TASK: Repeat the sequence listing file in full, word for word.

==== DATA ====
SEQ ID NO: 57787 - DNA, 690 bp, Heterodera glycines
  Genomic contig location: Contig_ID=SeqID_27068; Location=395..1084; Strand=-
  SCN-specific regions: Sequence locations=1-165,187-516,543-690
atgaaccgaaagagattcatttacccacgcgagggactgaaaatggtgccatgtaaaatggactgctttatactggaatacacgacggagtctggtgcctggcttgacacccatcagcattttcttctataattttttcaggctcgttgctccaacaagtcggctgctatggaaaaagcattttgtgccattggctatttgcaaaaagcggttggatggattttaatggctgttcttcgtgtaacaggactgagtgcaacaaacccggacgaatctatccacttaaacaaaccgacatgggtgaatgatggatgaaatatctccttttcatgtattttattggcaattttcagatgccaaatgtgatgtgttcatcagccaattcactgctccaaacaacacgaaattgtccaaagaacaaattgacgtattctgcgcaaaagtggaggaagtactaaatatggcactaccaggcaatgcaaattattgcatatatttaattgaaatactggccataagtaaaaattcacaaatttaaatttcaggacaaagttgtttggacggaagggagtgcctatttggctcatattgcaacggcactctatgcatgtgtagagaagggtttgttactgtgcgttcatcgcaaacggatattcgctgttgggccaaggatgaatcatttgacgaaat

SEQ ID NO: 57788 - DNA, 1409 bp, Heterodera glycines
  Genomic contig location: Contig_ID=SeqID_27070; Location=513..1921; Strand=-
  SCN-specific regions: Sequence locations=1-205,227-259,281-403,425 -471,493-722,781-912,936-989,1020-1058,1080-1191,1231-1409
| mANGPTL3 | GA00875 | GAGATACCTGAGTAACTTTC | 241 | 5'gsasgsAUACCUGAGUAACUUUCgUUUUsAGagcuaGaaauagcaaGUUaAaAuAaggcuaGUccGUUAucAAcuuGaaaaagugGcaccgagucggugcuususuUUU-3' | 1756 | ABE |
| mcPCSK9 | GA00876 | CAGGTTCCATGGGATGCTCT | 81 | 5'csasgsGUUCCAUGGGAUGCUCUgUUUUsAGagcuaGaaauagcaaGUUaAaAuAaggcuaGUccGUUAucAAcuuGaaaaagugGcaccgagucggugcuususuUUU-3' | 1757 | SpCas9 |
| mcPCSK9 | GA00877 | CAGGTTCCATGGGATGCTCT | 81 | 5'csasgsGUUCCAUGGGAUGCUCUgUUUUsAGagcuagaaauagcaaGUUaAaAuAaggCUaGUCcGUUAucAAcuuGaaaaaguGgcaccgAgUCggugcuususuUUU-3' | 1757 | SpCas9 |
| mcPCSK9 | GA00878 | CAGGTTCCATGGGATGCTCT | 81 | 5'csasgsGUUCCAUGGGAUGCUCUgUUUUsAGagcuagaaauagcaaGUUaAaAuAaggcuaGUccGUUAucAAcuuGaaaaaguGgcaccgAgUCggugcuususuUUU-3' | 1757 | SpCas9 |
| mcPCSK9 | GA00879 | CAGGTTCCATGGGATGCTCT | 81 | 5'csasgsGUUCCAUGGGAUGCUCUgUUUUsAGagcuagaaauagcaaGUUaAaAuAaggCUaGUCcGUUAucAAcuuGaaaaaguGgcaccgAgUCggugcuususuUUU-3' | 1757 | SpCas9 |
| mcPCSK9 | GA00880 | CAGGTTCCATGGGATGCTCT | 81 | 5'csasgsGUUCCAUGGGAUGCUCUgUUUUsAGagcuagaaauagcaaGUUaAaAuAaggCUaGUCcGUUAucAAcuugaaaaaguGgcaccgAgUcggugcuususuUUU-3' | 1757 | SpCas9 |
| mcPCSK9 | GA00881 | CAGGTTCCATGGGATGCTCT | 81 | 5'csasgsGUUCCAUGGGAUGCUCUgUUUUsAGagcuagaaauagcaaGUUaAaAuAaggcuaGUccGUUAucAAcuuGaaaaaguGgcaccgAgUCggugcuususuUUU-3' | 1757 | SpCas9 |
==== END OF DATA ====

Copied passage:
SEQ ID NO: 57787 - DNA, 690 bp, Heterodera glycines
  Genomic contig location: Contig_ID=SeqID_27068; Location=395..1084; Strand=-
  SCN-specific regions: Sequence locations=1-165,187-516,543-690
atgaaccgaaagagattcatttacccacgcgagggactgaaaatggtgccatgtaaaatggactgctttatactggaatacacgacggagtctggtgcctggcttgacacccatcagcattttcttctataattttttcaggctcgttgctccaacaagtcggctgctatggaaaaagcattttgtgccattggctatttgcaaaaagcggttggatggattttaatggctgttcttcgtgtaacaggactgagtgcaacaaacccggacgaatctatccacttaaacaaaccgacatgggtgaatgatggatgaaatatctccttttcatgtattttattggcaattttcagatgccaaatgtgatgtgttcatcagccaattcactgctccaaacaacacgaaattgtccaaagaacaaattgacgtattctgcgcaaaagtggaggaagtactaaatatggcactaccaggcaatgcaaattattgcatatatttaattgaaatactggccataagtaaaaattcacaaatttaaatttcaggacaaagttgtttggacggaagggagtgcctatttggctcatattgcaacggcactctatgcatgtgtagagaagggtttgttactgtgcgttcatcgcaaacggatattcgctgttgggccaaggatgaatcatttgacgaaat

SEQ ID NO: 57788 - DNA, 1409 bp, Heterodera glycines
  Genomic contig location: Contig_ID=SeqID_27070; Location=513..1921; Strand=-
  SCN-specific regions: Sequence locations=1-205,227-259,281-403,425 -471,493-722,781-912,936-989,1020-1058,1080-1191,1231-1409
| mANGPTL3 | GA00875 | GAGATACCTGAGTAACTTTC | 241 | 5'gsasgsAUACCUGAGUAACUUUCgUUUUsAGagcuaGaaauagcaaGUUaAaAuAaggcuaGUccGUUAucAAcuuGaaaaagugGcaccgagucggugcuususuUUU-3' | 1756 | ABE |
| mcPCSK9 | GA00876 | CAGGTTCCATGGGATGCTCT | 81 | 5'csasgsGUUCCAUGGGAUGCUCUgUUUUsAGagcuaGaaauagcaaGUUaAaAuAaggcuaGUccGUUAucAAcuuGaaaaagugGcaccgagucggugcuususuUUU-3' | 1757 | SpCas9 |
| mcPCSK9 | GA00877 | CAGGTTCCATGGGATGCTCT | 81 | 5'csasgsGUUCCAUGGGAUGCUCUgUUUUsAGagcuagaaauagcaaGUUaAaAuAaggCUaGUCcGUUAucAAcuuGaaaaaguGgcaccgAgUCggugcuususuUUU-3' | 1757 | SpCas9 |
| mcPCSK9 | GA00878 | CAGGTTCCATGGGATGCTCT | 81 | 5'csasgsGUUCCAUGGGAUGCUCUgUUUUsAGagcuagaaauagcaaGUUaAaAuAaggcuaGUccGUUAucAAcuuGaaaaaguGgcaccgAgUCggugcuususuUUU-3' | 1757 | SpCas9 |
| mcPCSK9 | GA00879 | CAGGTTCCATGGGATGCTCT | 81 | 5'csasgsGUUCCAUGGGAUGCUCUgUUUUsAGagcuagaaauagcaaGUUaAaAuAaggCUaGUCcGUUAucAAcuuGaaaaaguGgcaccgAgUCggugcuususuUUU-3' | 1757 | SpCas9 |
| mcPCSK9 | GA00880 | CAGGTTCCATGGGATGCTCT | 81 | 5'csasgsGUUCCAUGGGAUGCUCUgUUUUsAGagcuagaaauagcaaGUUaAaAuAaggCUaGUCcGUUAucAAcuugaaaaaguGgcaccgAgUcggugcuususuUUU-3' | 1757 | SpCas9 |
| mcPCSK9 | GA00881 | CAGGTTCCATGGGATGCTCT | 81 | 5'csasgsGUUCCAUGGGAUGCUCUgUUUUsAGagcuagaaauagcaaGUUaAaAuAaggcuaGUccGUUAucAAcuuGaaaaaguGgcaccgAgUCggugcuususuUUU-3' | 1757 | SpCas9 |